Mr. Swinburn

John Swinburn

Executive Director

Mystery Shopping Providers Association

John Swinburn is Executive Director of the Mystery Shopping Providers Association (MSPA), a position he has held for eleven years. In this role, he has developed a keen understanding of the crucial importance to a company's image, and to its bottom line, of regularly measuring and successfully managing the customer experience. Several of the association's member companies specialize in hospitality industry customer experience measurement and management, giving him the opportunity to learn about industry-specific issues related to hotels' customer experience. That access, coupled with a career in association management spanning more than thirty years—many of which have been spent in various components of the hospitality industry—has given him a unique perspective on the ways in which both organizations and individuals perceive and respond to hotel brands.

During his tenure with MSPA, Mr. Swinburn was instrumental in launching an annual industry operating ratio survey, the results of which member companies can use as benchmarks for their own financial and operational performance. "I am a firm believer in the concept that 'what gets measured gets done' and it just makes sense that the mystery shopping industry, which is all about measurement, should have its own internal measures to ensure good performance," he says.

Mr. Swinburn was involved in the process which transformed MSPA from what had been a primarily North American association into a global organization with four distinct and largely autonomous geographic regions serving the North American, European, Asia-Pacific, and Latin American markets.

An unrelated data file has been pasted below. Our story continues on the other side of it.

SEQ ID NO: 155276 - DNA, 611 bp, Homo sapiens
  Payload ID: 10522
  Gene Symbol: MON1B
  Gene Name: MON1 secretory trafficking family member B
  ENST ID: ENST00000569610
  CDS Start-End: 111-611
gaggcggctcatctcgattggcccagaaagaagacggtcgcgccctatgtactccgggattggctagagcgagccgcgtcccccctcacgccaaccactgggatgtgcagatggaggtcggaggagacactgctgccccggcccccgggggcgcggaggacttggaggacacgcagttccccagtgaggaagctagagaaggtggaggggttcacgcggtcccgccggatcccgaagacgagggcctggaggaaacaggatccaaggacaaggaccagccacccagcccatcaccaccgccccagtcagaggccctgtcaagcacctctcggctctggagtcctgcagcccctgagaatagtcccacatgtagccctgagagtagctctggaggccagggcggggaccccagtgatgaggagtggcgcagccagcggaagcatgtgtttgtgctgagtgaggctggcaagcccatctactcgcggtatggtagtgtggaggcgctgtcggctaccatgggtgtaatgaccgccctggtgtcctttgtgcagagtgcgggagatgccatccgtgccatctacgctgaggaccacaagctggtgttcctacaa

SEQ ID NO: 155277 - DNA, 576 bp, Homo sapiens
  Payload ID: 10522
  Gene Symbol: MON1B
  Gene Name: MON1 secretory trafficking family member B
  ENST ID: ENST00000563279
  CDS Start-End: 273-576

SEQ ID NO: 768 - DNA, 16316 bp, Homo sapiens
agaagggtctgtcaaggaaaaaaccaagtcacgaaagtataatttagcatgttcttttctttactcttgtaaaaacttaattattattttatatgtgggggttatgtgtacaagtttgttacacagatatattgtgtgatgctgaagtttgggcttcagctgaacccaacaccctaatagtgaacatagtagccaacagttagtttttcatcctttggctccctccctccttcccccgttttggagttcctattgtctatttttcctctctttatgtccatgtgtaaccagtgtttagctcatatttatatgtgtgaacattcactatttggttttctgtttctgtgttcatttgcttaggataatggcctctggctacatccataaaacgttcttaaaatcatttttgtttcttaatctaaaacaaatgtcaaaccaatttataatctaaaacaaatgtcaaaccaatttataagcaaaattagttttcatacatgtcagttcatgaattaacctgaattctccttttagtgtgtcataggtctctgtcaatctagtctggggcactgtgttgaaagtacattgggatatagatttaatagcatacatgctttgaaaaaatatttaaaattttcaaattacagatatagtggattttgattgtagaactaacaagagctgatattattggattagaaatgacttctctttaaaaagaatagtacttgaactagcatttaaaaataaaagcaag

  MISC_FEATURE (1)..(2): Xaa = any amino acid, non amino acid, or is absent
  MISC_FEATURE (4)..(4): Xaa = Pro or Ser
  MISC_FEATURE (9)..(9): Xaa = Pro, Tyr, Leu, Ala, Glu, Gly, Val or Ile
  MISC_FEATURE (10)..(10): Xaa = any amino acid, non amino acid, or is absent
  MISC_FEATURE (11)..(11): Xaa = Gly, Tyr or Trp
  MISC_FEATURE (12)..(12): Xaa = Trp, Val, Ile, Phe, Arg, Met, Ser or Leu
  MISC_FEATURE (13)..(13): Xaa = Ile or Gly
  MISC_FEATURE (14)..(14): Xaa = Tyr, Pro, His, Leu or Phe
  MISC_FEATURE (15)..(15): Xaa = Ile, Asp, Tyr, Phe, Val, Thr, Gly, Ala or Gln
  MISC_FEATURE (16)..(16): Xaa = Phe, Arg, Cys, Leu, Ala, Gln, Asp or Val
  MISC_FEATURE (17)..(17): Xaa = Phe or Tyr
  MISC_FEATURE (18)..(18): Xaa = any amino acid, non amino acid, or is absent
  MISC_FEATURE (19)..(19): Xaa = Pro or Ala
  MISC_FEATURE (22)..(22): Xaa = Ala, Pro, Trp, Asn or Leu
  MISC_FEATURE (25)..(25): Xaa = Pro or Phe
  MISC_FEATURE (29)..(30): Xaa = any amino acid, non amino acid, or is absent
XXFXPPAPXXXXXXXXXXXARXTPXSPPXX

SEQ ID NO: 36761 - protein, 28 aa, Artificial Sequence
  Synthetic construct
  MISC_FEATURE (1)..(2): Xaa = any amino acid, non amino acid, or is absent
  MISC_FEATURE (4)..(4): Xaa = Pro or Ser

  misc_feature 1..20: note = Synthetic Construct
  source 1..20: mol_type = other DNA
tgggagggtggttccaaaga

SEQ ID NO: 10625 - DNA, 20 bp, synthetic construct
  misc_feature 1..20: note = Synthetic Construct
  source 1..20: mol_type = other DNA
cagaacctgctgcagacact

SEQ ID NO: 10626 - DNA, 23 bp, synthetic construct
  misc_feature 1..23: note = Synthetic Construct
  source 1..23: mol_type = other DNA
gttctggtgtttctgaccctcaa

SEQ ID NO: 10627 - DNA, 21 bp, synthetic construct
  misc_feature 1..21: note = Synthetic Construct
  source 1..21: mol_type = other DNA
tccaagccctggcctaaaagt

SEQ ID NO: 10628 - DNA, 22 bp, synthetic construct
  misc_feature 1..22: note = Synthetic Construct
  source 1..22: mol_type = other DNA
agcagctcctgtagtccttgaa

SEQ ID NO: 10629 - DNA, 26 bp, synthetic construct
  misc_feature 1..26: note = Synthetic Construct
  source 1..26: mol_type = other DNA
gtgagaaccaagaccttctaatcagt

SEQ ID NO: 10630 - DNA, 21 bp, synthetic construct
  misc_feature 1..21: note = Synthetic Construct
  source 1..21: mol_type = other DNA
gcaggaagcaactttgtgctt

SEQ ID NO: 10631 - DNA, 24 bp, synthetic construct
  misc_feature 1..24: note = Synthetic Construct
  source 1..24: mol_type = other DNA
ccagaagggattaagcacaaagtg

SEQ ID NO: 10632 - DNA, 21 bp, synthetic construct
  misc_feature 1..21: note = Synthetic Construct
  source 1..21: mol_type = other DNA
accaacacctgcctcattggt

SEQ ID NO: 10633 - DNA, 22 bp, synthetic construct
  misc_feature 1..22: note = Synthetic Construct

Prior to forming his own association management company, Challenge Management, Inc. (which includes MSPA as a client), he served as executive director of what is now the International Association of Venue Managers and as senior vice president and chief operating officer of what is now the International Association of Exhibitions and Events. Earlier in his career, while employed by two Chicago-based association management companies, he served as executive director of several trade associations and professional societies.

Mr. Swinburn graduated from the University of Texas at Austin with a bachelor of arts degree. He took graduate level courses at Sam Houston State University.

Mr. Swinburn can be contacted at 972-406-1104 or info@mysteryshop.org

Coming Up In The December Online Hotel Business Review




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Feature Focus
Hotel Law: Issues & Events
There is not a single area of a hotel’s operation that isn’t touched by some aspect of the law. Hotels and management companies employ an army of lawyers to advise and, if necessary, litigate issues which arise in the course of conducting their business. These lawyers typically specialize in specific areas of the law – real estate, construction, development, leasing, liability, franchising, food & beverage, human resources, environmental, insurance, taxes and more. In addition, issues and events can occur within the industry that have a major impact on the whole, and can spur further legal activity. One event which is certain to cause repercussions is Marriott International’s acquisition of Starwood Hotels and Resorts Worldwide. This newly combined company is now the largest hotel company in the world, encompassing 30 hotel brands, 5,500 hotels under management, and 1.1 million hotel rooms worldwide. In the hospitality industry, scale is particularly important – the most profitable companies are those with the most rooms in the most locations. As a result, this mega- transaction is likely to provoke an increase in Mergers & Acquisitions industry-wide. Many experts believe other larger hotel companies will now join forces with smaller operators to avoid being outpaced in the market. Companies that had not previously considered consolidation are now more likely to do so. Another legal issue facing the industry is the regulation of alternative lodging companies such as Airbnb and other firms that offer private, short-term rentals. Cities like San Francisco, Los Angeles and Santa Monica are at the forefront of efforts to legalize and control short-term rentals. However, those cities are finding it’s much easier to adopt regulations on short-term rentals than it is to actually enforce them. The December issue of Hotel Business Review will examine these and other critical issues pertaining to hotel law and how some companies are adapting to them.